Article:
More mess = more stress. If anyone knows how clutter creates stress and anxiety for households, it’s 7am Wardrobes who see it time and time again when customers approach us desperate to incorporate wardrobe, pantry and linen storage solutions in their home. We also get to see the satisfaction and relief people experience after they sort and declutter, and finally, have organised storage.
While we’ve all been self-isolating and spending more time at home, most of us are unavoidably more aware of clutter, mess and jobs that, despite our best intentions, remain undone. Having everyone working or schooling at home together can create a feeling of chaos that leads to stress but having effective household systems and storage can help you feel calmer and more in control of your home.
While we’re still spending more time at home, now is the ideal time to tackle some of those decluttering projects we all keep putting on the back burner and bring some order and calm into our homes.
Here are our seven favourite quick and easy ways to take back control in a week, without feeling overwhelmed.
7 days, 7 decluttering projects
Day 1. Start small
The biggest mistake people make when they start to declutter is thinking it all has to be done at once, which makes it feel overwhelming and unachievable. The key is to start small with the end goal being to get rid of any junk and create a place for everything. Tackle just one drawer – maybe it’s a junk drawer or a Tupperware cupboard – and suddenly it doesn’t seem so hard.
Day 2. Set the timer
Allocating just 30 minutes a day is a great way to clear surface clutter. Grab a garbage bag and a box or basket and quickly move from room to room. Anything that can be thrown away goes in the garbage bag, and anything that needs to be put away goes in the box or basket for another 30-minute declutter.
Day 3. Pantry and fridge
Most of us have been throwing a few extra items in the supermarket trolley, and often we’re not even aware we could be doubling up, so it’s a good idea to do a bit of a stocktake. Start shelf by shelf – it doesn’t have to be all at once. Take everything out, throw away anything past it’s a use-by date, then clean the empty shelves and drawers. Replace items, grouping the same or similar items and placing items with the shortest shelf life near the front so they can be used first. It can also be a good idea to write a quick list of what you have to use up, avoid double-ups next shop and lessen what goes to waste.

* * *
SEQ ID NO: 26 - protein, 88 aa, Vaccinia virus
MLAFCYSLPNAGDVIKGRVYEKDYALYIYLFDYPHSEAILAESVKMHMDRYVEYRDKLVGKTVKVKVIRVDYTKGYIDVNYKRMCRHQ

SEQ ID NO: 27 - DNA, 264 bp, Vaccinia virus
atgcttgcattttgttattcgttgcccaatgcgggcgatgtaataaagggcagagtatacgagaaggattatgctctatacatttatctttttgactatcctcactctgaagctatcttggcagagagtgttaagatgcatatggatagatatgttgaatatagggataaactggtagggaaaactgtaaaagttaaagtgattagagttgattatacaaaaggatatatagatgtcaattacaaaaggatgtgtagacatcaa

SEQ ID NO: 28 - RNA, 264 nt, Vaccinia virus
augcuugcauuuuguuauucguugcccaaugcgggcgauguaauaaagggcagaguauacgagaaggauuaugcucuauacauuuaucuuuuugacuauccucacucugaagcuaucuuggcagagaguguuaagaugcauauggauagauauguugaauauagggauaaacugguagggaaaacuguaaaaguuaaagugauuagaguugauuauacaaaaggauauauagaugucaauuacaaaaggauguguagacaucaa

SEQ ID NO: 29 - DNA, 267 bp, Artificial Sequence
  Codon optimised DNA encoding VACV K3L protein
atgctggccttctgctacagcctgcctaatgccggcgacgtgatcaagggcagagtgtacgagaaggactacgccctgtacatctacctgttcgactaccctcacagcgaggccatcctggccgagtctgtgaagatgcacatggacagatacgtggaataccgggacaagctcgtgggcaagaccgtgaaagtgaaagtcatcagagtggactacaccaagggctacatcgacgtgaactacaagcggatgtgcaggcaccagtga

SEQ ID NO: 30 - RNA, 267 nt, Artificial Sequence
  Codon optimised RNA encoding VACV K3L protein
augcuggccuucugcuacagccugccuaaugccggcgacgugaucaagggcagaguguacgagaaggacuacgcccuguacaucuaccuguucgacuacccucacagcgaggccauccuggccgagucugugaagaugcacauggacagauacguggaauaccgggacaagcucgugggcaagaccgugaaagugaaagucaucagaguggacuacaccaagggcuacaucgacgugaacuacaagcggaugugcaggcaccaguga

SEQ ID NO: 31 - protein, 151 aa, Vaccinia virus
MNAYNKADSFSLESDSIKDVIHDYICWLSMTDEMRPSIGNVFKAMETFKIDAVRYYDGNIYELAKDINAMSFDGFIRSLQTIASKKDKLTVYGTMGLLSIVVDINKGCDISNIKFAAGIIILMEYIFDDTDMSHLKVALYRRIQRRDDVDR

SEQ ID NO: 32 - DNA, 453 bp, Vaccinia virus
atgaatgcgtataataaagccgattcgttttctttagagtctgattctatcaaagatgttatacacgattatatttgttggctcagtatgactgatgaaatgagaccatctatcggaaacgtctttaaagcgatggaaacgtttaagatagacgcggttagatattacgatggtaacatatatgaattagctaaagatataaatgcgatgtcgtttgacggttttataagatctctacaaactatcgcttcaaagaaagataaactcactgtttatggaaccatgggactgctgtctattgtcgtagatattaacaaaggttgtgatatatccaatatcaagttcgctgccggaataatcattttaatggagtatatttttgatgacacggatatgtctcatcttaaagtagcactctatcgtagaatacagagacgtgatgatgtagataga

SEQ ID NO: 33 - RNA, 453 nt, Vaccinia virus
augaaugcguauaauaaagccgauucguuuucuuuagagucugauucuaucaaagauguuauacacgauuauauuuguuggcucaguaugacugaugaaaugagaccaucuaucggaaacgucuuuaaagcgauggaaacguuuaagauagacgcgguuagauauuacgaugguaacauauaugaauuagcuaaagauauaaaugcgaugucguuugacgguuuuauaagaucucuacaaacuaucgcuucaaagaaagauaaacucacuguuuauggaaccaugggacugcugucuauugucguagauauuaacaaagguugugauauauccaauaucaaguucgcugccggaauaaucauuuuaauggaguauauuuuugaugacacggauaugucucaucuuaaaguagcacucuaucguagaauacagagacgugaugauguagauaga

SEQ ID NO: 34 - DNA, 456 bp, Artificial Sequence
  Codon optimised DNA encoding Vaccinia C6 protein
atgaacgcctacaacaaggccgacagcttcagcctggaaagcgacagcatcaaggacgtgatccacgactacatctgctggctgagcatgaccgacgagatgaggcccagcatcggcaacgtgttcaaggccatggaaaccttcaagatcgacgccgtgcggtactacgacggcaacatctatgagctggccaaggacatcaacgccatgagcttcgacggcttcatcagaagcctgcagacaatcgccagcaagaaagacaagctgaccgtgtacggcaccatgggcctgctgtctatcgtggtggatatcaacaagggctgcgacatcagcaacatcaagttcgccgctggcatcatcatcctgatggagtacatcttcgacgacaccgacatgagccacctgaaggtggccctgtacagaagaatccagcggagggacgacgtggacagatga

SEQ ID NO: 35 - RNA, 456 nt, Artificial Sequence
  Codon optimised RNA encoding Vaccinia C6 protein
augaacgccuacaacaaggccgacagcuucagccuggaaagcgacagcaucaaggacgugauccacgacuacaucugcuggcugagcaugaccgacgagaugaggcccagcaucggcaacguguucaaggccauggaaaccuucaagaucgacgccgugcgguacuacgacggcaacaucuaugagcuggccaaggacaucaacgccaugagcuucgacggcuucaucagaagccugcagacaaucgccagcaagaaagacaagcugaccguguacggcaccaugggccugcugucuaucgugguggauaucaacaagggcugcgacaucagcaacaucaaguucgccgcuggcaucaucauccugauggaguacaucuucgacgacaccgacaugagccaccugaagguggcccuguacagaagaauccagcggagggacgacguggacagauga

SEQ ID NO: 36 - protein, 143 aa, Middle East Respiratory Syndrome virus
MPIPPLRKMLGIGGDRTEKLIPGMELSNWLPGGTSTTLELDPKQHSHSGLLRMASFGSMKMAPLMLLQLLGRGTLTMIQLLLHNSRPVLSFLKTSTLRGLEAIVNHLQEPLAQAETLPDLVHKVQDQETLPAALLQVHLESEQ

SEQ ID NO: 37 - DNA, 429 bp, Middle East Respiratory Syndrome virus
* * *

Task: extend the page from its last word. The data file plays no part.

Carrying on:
Day 4. Medicine cabinet
The medicine cabinet is one area that accumulates clutter quickly, a lot of which you no longer need or forget you have. It’s important to throw out anything past its expiry date and to keep only the medications you use. It’s also a good idea to keep like-medicines together, e.g. cold, flu and allergy; vitamins and wellness; prescriptions and first aid supplies. Wipe clean and disinfect the cabinet or container.
Day 5. Car
This is a common area that needs decluttering as there’s so much junk that accumulates while we’re out and about rushing around – food wrappers, coffee cups and other rubbish. Throw out the rubbish and remove anything you don’t need or use in the car, including in the glove box, centre console, boot and door pockets. If you’re feeling motivated and have some extra time, washing the car, vacuuming inside and wiping down the interiors can make you feel super-efficient.
Day 6. Laundry
This is another room in the house that tends to be a dumping zone for the whole family. Remove everything from cupboards and shelves, throw out anything you don’t need, then clean and disinfect. Make sure you put everything back in its designated spot or create one if it doesn’t have a spot. Labelling where things go is a good idea, so there’s no excuse for family members not knowing where to put them. Add wall hooks and open shelving to store those loose items (clothes pegs, cleaning products, brooms, hats etc.) that easily clutter up the laundry space.
Day 7. Cupboard under the kitchen-sink
This area can easily get cluttered with all manner of household products shoved in and forgotten about. The only way to declutter this space is to pull everything out and sort through it. Throw away anything that’s expired, broken or even just looks disgusting then wipe and disinfect shelves and walls. The most efficient way to store cleaning products is by purpose, so grouping like-products together. Open plastic bins or baskets are great for this – e.g. keep dishwashing items in one clearly labelled basket.
So there you have it – seven quick and easy ways to declutter and make a difference to your home in just a week. If you’re on a roll and looking for more easy decluttering projects, here are a few more ideas:
- Books and magazines
- Kitchen counters
- Dumping zone near the front door
- Mail pile
- Toiletries and makeup
- Purse or wallet
- Kitchen utensil drawer
- Spice rack
- Wardrobes and linen cupboard
This article is republished from www.homely.com.au under a Creative Commons license. Read the original article.